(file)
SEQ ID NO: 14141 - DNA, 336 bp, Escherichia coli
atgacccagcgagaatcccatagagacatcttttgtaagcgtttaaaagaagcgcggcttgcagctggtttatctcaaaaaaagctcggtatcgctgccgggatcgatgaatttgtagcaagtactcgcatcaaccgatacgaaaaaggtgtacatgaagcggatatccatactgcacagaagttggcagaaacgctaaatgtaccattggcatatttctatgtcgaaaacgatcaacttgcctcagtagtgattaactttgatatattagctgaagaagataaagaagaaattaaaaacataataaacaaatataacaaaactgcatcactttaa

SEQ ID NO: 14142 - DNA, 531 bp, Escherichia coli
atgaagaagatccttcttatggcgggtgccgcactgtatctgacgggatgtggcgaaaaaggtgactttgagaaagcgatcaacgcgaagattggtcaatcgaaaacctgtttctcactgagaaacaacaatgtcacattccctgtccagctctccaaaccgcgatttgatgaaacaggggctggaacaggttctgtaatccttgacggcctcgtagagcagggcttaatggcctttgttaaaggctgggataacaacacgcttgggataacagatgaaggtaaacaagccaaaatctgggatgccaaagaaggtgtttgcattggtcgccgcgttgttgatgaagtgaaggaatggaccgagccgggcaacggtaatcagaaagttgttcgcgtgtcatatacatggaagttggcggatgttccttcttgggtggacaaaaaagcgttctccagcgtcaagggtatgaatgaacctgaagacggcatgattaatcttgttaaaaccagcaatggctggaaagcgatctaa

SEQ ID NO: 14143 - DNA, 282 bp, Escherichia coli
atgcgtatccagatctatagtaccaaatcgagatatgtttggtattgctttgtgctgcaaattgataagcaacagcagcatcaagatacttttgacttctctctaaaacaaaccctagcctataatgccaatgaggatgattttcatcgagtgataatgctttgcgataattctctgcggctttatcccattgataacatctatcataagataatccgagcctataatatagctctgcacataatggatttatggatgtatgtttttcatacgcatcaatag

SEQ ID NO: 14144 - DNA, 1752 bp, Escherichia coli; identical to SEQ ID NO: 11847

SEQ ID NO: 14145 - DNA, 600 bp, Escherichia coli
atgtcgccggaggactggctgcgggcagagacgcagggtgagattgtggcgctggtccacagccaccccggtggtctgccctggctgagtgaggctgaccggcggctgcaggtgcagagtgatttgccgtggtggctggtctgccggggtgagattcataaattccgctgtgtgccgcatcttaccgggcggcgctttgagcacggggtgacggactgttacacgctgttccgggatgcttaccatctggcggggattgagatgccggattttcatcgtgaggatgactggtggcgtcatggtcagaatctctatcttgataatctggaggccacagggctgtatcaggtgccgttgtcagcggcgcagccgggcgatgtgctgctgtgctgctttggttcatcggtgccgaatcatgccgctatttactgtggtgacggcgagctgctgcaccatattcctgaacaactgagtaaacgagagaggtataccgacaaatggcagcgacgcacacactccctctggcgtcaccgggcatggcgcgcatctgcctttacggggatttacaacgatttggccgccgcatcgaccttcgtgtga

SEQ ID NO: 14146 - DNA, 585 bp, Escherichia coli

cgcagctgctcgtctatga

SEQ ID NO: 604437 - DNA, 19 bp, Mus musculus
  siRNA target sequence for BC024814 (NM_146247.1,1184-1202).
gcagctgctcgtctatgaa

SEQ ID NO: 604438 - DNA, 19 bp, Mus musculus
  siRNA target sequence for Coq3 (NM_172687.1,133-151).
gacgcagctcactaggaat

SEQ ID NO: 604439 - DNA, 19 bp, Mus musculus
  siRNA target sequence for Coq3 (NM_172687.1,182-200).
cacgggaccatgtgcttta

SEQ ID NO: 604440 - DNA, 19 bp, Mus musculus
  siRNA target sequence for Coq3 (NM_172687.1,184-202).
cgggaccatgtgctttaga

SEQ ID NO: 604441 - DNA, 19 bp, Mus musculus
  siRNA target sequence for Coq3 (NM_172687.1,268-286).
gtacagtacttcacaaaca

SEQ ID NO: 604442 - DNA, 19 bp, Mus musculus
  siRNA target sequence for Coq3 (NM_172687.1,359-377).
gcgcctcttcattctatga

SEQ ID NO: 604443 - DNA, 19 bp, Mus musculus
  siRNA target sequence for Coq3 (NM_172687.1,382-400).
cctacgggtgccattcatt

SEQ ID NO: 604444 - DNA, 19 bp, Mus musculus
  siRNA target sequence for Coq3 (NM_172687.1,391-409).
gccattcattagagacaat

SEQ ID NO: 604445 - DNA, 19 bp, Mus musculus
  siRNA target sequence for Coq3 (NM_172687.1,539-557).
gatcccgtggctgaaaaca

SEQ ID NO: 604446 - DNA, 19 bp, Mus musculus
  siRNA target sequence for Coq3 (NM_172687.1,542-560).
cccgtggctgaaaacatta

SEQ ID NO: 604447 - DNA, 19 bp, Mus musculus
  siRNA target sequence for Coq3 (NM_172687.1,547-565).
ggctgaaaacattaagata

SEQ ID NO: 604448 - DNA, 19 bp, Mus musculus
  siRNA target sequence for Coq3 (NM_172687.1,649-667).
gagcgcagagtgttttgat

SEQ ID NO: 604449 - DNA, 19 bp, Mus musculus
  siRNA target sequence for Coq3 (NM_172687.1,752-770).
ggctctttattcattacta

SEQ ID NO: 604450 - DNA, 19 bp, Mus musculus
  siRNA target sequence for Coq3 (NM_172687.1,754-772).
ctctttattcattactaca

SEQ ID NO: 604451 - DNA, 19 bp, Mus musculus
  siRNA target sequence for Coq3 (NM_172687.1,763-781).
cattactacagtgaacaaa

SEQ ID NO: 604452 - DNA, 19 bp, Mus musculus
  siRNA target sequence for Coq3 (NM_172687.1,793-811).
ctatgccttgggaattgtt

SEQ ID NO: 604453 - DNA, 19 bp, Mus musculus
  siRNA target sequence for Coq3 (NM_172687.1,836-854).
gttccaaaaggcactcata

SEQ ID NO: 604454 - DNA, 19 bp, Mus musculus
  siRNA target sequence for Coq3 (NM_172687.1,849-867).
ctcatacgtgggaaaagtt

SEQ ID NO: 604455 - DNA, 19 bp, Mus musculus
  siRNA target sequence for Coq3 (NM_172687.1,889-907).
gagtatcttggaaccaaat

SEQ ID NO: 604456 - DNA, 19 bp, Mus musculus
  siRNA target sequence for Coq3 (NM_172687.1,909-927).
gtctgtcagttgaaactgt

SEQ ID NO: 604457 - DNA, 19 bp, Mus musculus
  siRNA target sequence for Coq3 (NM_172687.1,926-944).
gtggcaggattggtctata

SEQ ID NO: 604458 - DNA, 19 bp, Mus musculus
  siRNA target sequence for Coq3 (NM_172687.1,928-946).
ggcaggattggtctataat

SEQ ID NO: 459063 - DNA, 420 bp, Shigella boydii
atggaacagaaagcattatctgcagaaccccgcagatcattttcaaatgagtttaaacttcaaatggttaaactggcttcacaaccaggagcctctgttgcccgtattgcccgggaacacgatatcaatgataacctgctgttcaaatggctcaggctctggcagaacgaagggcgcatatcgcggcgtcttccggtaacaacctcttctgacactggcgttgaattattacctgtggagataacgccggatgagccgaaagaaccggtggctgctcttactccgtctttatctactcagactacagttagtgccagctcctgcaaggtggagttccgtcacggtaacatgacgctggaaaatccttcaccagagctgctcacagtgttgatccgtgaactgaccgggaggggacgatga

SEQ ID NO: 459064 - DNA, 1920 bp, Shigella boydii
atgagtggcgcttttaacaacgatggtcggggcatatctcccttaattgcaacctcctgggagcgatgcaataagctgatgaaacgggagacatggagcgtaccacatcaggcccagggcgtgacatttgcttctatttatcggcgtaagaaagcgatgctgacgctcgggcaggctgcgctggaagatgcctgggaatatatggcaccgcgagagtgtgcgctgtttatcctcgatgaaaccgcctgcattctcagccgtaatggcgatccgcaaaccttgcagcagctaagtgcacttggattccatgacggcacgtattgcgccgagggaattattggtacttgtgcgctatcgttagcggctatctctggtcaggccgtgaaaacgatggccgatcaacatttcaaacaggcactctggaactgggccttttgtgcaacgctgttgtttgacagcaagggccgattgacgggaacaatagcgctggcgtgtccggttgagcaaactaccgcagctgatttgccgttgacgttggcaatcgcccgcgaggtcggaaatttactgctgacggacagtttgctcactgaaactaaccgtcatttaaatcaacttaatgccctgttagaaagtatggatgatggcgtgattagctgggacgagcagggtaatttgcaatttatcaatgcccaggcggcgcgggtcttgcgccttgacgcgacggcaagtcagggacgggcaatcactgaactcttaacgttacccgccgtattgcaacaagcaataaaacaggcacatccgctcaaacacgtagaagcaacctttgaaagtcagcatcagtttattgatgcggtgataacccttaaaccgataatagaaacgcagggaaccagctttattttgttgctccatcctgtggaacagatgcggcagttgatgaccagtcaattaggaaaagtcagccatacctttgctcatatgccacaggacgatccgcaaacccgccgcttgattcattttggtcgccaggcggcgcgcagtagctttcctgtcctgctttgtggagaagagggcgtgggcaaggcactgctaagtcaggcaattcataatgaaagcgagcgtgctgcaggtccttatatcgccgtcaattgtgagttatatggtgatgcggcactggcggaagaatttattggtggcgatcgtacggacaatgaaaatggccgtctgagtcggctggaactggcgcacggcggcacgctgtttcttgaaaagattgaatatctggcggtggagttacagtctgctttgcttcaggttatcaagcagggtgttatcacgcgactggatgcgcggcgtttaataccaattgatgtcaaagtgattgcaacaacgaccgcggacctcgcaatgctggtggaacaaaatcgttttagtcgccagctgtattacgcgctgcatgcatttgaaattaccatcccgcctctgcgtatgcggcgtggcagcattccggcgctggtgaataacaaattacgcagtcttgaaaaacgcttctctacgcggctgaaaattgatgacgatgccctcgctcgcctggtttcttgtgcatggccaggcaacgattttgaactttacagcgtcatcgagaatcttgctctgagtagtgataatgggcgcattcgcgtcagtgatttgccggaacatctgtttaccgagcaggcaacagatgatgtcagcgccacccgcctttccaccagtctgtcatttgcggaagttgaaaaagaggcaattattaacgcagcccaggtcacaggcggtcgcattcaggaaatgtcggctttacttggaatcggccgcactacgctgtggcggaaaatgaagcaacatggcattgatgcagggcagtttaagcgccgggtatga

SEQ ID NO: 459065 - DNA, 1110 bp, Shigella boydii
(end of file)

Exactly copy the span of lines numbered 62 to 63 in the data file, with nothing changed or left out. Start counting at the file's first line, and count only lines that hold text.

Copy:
gttccaaaaggcactcata

SEQ ID NO: 604454 - DNA, 19 bp, Mus musculus